Majority of city libraries lose visitors

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Central Library. Pic by Owen Swift © JMU Journalism

Central Library. Pic by Owen Swift © JMU Journalism

All but three of Liverpool’s libraries reported a drop in the number of visitors in the past year, with 150,000 staying away, according to figures released by the council.

The only institutions to see an increase in visitors were Childwall, Lee Valley and the main Liverpool Central Library, which has seen a one per cent year-on-year rise.

Childwall councillor Ruth Hirschfield said: “Libraries can be a social place and can be used to access internet research of all kinds, storytelling and social activities and meetings.

“The number of visitors to the library at Childwall may not have dropped because of a variety of reasons, such as its location which is close to schools, bus routes, local shops and cafes. A lot of families and pensioners live nearby and Childwall High School has direct links to the library. It is still at the heart of Childwall.”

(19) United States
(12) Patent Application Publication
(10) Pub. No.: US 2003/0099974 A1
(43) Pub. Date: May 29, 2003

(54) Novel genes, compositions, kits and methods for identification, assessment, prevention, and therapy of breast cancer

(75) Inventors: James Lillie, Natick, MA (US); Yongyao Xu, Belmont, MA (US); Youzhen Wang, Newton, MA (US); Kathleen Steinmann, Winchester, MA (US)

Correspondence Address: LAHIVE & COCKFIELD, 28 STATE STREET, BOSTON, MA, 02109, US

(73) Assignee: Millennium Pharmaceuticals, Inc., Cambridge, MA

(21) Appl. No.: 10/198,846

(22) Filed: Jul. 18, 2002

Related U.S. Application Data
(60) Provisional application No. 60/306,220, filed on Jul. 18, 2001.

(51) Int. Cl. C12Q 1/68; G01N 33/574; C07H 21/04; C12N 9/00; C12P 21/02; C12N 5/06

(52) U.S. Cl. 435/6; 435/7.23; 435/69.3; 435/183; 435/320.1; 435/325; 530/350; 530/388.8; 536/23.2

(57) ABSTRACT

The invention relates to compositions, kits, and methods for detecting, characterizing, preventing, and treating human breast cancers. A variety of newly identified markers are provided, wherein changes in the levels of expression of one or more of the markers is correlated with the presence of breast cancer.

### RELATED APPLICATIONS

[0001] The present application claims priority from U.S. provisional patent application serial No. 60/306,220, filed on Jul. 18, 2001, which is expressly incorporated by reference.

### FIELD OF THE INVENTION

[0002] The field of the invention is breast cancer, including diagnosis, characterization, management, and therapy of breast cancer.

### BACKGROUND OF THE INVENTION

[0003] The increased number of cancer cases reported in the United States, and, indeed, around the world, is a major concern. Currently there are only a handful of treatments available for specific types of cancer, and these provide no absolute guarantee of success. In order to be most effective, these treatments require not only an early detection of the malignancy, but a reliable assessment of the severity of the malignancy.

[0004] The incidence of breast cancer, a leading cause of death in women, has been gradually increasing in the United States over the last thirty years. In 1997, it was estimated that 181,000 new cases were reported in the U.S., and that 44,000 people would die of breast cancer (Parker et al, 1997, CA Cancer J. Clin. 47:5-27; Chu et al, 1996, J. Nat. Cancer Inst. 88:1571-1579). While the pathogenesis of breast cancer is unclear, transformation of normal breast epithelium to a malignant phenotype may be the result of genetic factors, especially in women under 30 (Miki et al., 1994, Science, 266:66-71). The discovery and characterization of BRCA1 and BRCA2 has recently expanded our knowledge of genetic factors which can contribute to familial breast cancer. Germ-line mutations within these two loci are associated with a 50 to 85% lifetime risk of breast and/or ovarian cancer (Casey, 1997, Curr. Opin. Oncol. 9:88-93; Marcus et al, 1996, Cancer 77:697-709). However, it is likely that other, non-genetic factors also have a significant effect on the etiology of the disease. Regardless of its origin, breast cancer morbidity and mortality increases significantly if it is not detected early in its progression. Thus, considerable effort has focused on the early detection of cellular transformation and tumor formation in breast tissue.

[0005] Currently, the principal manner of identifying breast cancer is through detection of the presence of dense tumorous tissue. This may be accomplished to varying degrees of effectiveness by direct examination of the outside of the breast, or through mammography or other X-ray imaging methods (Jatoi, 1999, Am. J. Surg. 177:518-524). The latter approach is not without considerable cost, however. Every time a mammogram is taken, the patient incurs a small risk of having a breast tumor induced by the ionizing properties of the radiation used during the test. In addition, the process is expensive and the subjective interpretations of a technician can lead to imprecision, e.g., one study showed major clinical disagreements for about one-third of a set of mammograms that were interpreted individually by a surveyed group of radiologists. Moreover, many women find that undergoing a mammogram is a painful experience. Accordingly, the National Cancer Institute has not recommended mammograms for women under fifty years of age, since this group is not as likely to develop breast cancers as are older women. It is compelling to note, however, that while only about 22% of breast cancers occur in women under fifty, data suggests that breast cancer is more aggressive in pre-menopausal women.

Fazakerley saw a drop of 44% of visitors compared to the year before.

A spokesperson for Liverpool City Council said: “We know our libraries are much loved which is why we have found innovative ways of retaining them despite the 58 per cent cut to our budget by central Government.

“There is always an annual fluctuation in the numbers and thanks to national and local reading campaigns we saw a spike in 2014 which bucked the trend across the rest of the country.

“We recognise that people lead busy lives and can find it hard to visit a library which is we have been increasing the number of books available in our e-library service to enable them to download publications on their mobile devices 24 hours a day.”

About Sophie Corcoran, JMU Journalism